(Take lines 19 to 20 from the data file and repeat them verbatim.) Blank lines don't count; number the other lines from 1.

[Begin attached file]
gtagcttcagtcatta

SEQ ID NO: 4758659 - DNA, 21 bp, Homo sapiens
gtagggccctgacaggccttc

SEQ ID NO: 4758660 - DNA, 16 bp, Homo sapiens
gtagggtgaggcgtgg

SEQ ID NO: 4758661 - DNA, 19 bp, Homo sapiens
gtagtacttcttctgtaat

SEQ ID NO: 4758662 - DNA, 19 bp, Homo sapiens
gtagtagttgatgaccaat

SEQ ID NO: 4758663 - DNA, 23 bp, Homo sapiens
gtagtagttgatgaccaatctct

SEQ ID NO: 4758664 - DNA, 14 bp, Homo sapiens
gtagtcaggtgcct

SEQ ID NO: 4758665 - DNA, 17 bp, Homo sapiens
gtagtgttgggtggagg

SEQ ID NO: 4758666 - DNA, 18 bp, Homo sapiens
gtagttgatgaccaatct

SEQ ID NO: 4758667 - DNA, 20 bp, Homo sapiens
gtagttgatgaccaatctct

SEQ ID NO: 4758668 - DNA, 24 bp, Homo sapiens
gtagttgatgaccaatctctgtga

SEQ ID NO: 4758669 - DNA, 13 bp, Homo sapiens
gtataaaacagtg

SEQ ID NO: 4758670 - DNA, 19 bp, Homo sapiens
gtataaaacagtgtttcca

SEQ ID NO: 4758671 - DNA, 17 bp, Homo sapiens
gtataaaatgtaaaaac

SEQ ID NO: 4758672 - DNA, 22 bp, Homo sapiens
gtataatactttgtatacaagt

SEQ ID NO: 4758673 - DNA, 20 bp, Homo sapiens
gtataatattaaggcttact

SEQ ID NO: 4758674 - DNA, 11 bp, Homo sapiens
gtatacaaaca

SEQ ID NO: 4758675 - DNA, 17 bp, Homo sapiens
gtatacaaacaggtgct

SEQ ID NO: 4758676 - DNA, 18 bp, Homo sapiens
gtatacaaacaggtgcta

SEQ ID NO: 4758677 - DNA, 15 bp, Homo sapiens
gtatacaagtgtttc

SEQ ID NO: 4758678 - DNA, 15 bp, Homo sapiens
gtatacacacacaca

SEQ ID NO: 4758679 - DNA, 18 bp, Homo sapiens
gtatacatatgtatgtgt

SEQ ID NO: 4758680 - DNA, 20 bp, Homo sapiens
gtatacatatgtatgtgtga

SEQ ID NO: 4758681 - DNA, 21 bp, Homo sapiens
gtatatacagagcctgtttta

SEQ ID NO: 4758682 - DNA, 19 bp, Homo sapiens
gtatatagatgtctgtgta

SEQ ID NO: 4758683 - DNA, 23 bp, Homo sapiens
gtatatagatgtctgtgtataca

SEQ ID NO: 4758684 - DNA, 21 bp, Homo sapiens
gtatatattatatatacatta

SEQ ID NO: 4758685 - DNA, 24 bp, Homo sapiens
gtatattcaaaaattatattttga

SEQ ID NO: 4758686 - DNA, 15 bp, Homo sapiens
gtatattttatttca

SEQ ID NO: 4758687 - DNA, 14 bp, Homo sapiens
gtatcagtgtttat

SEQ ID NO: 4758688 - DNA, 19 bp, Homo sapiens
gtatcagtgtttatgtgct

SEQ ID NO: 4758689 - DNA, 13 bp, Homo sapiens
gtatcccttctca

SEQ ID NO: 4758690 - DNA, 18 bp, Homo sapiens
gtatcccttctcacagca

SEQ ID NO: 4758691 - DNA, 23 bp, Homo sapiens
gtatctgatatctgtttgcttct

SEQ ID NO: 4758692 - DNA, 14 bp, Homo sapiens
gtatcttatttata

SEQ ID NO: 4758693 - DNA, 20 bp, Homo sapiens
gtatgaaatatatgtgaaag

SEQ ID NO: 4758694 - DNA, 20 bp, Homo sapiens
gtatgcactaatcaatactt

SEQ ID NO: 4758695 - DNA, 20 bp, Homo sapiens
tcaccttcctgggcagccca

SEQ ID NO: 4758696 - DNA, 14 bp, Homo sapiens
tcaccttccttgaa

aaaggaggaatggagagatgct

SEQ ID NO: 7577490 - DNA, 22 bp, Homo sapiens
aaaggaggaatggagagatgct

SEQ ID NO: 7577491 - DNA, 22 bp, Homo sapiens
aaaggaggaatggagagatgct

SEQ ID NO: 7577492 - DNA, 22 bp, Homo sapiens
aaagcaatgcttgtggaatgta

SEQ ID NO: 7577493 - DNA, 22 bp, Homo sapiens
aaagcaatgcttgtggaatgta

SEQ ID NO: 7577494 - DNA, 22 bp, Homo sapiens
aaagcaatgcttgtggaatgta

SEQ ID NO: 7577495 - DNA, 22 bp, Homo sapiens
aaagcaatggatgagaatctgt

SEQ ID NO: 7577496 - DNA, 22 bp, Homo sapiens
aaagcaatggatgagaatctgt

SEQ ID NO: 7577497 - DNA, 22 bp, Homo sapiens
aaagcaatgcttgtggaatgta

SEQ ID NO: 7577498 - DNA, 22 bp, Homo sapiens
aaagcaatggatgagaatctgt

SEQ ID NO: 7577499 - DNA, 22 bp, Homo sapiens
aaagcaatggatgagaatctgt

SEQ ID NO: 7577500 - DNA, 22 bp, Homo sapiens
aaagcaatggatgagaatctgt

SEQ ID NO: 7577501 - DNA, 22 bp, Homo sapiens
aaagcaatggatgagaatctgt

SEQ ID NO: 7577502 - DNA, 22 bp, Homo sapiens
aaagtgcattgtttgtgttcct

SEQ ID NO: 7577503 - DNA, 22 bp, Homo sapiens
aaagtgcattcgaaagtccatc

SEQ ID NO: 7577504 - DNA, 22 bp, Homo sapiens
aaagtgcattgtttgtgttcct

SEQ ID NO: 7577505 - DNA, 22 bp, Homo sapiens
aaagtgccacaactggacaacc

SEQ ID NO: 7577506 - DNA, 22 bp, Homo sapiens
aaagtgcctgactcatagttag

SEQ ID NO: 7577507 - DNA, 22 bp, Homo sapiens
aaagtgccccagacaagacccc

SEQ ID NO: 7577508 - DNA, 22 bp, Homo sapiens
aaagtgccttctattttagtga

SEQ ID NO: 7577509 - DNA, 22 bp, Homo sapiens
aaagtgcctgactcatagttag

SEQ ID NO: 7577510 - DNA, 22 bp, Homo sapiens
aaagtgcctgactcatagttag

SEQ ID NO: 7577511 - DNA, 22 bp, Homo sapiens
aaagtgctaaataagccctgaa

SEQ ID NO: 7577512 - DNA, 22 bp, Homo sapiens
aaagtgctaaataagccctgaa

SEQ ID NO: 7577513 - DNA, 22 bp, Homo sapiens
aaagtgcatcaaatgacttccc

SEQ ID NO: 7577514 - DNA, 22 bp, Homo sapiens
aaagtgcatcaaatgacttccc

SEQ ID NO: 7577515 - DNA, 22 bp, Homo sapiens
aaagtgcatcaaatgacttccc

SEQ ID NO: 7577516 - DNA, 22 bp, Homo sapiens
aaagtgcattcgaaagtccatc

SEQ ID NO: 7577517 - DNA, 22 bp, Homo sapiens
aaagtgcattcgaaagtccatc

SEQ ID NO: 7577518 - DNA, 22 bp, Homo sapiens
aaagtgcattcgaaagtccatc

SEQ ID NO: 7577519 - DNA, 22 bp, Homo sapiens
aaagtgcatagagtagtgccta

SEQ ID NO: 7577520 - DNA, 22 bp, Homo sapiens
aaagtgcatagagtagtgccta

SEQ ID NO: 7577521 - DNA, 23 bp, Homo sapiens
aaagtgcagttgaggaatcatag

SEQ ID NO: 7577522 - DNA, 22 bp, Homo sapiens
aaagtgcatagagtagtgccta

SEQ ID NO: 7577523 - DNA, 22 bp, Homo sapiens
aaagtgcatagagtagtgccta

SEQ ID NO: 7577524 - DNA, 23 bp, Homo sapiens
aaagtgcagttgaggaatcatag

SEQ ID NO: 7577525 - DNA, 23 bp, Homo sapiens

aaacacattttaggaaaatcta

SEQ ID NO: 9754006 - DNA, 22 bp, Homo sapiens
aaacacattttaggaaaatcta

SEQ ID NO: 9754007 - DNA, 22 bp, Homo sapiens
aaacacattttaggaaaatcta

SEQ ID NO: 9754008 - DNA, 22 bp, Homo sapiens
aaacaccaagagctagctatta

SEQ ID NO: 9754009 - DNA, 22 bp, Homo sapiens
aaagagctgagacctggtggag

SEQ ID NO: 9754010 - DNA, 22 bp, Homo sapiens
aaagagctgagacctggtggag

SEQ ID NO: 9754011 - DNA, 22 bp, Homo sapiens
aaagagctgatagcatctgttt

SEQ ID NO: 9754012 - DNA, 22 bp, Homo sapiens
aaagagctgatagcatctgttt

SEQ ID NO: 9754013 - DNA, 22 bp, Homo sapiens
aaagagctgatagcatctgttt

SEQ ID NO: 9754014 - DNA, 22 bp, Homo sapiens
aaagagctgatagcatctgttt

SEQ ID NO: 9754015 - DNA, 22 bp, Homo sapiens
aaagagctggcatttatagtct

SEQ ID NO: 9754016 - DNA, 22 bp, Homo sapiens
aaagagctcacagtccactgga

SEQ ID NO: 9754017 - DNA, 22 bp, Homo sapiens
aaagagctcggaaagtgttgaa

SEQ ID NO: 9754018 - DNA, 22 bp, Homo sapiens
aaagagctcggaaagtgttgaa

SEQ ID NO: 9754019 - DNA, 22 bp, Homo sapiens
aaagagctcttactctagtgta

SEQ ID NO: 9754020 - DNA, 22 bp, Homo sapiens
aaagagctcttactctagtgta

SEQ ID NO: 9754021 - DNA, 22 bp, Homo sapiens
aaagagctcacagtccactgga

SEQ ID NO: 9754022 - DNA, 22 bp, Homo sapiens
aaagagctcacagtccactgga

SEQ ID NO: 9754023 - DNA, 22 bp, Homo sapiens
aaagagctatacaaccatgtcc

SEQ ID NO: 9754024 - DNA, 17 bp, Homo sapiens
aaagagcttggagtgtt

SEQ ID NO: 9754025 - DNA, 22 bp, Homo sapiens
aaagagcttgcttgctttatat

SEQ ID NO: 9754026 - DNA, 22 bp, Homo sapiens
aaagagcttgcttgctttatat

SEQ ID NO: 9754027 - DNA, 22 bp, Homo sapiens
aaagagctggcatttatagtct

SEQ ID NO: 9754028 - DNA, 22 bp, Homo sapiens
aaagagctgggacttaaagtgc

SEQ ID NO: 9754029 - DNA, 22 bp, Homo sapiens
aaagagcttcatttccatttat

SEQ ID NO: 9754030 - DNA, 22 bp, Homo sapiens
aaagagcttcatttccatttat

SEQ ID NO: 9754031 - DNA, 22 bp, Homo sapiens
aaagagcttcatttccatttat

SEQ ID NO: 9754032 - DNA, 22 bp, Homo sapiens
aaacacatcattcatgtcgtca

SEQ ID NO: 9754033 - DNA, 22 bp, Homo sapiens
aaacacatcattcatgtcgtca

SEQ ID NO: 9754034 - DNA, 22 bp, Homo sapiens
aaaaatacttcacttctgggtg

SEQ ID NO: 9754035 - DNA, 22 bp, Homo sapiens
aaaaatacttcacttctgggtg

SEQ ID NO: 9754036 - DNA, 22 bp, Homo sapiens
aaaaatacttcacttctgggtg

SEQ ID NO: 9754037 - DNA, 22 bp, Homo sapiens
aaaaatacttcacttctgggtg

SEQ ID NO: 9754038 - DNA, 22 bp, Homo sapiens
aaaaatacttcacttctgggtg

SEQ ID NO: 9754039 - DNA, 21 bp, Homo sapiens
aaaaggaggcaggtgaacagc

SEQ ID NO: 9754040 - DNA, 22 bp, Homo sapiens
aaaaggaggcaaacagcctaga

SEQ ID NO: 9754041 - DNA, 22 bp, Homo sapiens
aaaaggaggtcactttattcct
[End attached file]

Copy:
gtagttgatgaccaatctct

SEQ ID NO: 4758668 - DNA, 24 bp, Homo sapiens